Before 10.1

Adding Solr cores in Docker for version 10.0.1 was done by modifying the DockerFile for the solr image, copying your managed schema to it and pass in the core names that you want to have created.

Here is an example from the Sitecore documentation on SXA:

COPY --from=<sxa_image> C:\module\solr C:\sxa_data
RUN C:\Add-SolrCores.ps1 -SolrPath C:\solr -SolrSchemaPath C:\sxa_data\managed-schema -SolrCoreNames 'sitecore_sxa_master_index,sitecore_sxa_web_index'; `
  Remove-Item -Path C:\sxa_data -Recurse -Force;

You can read more information about this on the blog page of Göran Halvarsson: https://visionsincode.com/2020/11/21/add-your-custom-index-to-solr-in-sitecore-docker-like-a-bossgoon/

Difference between solr and solr-init container

With Sitecore 10.1 we not only have a solr container, but also a solr-init one.

  • solr: only used for running your Solr Cloud instance in docker
  • solr-init: used for initialization, this will create the indexes and then the container will stop
With Sitecore 10.1, solr will - by default - run in Solr Cloud mode with 1 solr node

Adding your custom cores

Well, this boils down to create an additional layer to the solr-init image!  
You need to create a custom json file and take this into consideration:

  • MUST be in the C:\data folder on solr-init
  • the filename MUST start with the text cores
  • the json MUST start with either sitecore or xdb

So you must define an array in the json that starts with either sitecore or xdb. This is because the powershell to create the indexes will read the json file and join up all indexes that matches those 2 keywords.

So start by adding a solr-init folder which includes your json file and the Dockerfile.

In this example, I created cores-customer.json which contains 2 additional indexes:

{
    "sitecore": [
        "_my_custom_index",
        "_my_other_custom_index"
    ]
}

And my Dockerfile will copy that file to the C:\data folder.

# escape=`

ARG BASE_IMAGE

FROM ${BASE_IMAGE}

SHELL ["powershell", "-Command", "$ErrorActionPreference = 'Stop'; $ProgressPreference = 'SilentlyContinue';"]

COPY cores-customer.json C:\data\cores-customer.json

That is it!
Next is to run docker-compose build --no-cache to build all your custom images. And as soon as solr-init starts, it will create your custom indexes in SOLR.

Some troubleshooting

If you don't see your custom sitecore solr indexes in the data folder, make sure that you first delete all your existing indexes.

As soon as 1 solr index was created which starts with the sitecore prefix, it will not add any other index.  
Manually delete all sitecore solr indexes from your data folder.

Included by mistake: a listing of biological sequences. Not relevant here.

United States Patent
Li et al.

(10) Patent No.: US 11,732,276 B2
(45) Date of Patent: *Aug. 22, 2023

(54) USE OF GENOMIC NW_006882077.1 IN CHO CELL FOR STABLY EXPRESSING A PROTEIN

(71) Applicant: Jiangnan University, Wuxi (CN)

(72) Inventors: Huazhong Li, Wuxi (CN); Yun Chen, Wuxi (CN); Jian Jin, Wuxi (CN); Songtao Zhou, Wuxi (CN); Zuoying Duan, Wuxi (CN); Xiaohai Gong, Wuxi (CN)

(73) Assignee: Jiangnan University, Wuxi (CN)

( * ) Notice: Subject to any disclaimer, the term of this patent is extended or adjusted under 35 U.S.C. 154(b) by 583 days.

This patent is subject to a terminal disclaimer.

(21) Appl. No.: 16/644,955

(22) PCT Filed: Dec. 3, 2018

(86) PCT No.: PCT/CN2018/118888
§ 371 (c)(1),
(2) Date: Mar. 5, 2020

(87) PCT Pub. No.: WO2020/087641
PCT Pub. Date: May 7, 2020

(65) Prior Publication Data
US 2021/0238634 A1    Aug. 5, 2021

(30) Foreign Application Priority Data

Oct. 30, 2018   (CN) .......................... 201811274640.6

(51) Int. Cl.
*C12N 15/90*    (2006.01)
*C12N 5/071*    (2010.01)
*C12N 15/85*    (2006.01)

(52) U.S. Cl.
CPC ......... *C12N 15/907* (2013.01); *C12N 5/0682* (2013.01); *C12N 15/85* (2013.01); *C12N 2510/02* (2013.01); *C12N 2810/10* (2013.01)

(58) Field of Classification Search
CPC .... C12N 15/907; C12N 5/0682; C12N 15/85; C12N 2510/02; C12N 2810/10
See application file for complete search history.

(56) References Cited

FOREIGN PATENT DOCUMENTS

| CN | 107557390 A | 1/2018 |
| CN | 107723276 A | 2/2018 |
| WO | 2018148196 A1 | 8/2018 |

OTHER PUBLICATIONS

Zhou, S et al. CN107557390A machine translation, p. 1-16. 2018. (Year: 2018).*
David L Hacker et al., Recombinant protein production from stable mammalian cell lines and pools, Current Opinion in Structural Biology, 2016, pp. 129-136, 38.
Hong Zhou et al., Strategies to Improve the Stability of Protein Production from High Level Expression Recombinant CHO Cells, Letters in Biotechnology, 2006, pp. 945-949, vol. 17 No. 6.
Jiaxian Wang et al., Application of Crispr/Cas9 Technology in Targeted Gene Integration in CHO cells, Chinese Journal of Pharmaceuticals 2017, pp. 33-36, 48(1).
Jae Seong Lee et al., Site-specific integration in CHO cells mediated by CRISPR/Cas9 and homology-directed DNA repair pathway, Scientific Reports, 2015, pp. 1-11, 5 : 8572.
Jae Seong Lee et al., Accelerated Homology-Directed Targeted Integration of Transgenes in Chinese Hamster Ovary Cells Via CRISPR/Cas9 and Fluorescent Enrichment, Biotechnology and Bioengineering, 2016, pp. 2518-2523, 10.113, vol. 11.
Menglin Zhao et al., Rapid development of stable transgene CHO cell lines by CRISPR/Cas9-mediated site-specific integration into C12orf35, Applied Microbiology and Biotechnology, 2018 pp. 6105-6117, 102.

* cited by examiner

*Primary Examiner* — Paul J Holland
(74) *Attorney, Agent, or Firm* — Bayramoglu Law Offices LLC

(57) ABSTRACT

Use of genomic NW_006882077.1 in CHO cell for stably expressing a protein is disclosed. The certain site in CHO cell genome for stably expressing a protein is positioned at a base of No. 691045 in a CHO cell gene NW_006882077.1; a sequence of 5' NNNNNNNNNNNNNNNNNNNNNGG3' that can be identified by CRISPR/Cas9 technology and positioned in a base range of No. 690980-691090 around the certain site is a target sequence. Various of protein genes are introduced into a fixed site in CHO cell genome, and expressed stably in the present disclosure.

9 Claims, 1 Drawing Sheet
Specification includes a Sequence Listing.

If you check the log file for the solr-init container, you'll see this:

Sitecore collections are already exist. Use collection name prefix different from 'sitecore'.
Terminal will be reused by tasks, press any key to close it.

> Don't forget that you can always open the SOLR Dashboard: https://localhost:8984/solr

Check your docker-compose.yml file for the right port that is exposed:

  solr:
    isolation: ${ISOLATION}
    image: ${SITECORE_DOCKER_REGISTRY}nonproduction/solr:8.4.0-${SITECORE_VERSION}
    ports:
      - "8984:8983"

What does the solr-init do exactly

The entrypoint for solr-init is the following:

powershell -Command $ErrorActionPreference = 'Stop';
$ProgressPreference = 'SilentlyContinue';
.\\Start.ps1
-SitecoreSolrConnectionString $env:SITECORE_SOLR_CONNECTION_STRING
-SolrCorePrefix $env:SOLR_CORE_PREFIX_NAME
-SolrSitecoreConfigsetSuffixName $env:SOLR_SITECORE_CONFIGSET_SUFFIX_NAME
-SolrReplicationFactor $env:SOLR_REPLICATION_FACTOR
-SolrNumberOfShards $env:SOLR_NUMBER_OF_SHARDS
-SolrMaxShardsPerNodes $env:SOLR_MAX_SHARDS_NUMBER_PER_NODES
-SolrXdbSchemaFile .\\data\\schema.json
-SolrCollectionsToDeploy $env:SOLR_COLLECTIONS_TO_DEPLOY"

So by starting this container, you'll run the Start.ps1 powershell script (check my other blog post for the contents of Start.ps1) and will:

  • read all cores.json files
  • check if sitecore indexes were already created
  • get the solrconfig and apply any xslt patching
  • create the sitecore cores
  • create the xdb cores and update it's schema

Some information on custom schema's

Disclaimer, didn't try it myself but I assume it could be useful for someone. If you try it and it works, let me know please ;-)

Currently only the xdb indexes have a custom schema file applied (and not the sitecore indexes).
This is done in the Start.ps1 script by calling Update-Schema.ps1.

If you want to use custom schema's yourself, you will probably need to:

  • copy your schema to the solr-init in the DockerFile
  • copy a custom Start.ps1 script that includes your changes for the schema to be applied
  • overwrite the entrypoint to run your custom Start.ps1 script

Don't forget... populate your SOLR schemas!

Another important difference between Sitecore 10.1 and previous versions of Docker is that the solr-init script will not automatically populate your Solr schema's.

  1. An easy way is to populate them manually. See Sitecore documentation for info on this:  
    https://doc.sitecore.com/developers/101/platform-administration-and-architecture/en/solr-managed-schemas.html
  2. Another option is to use the Sitecore CLI for this. An example can be found in the Helix Examples on Docker: https://github.com/Sitecore/Helix.Examples/blob/develop/examples/helix-basic-aspnetcore/up.ps1#L48-L51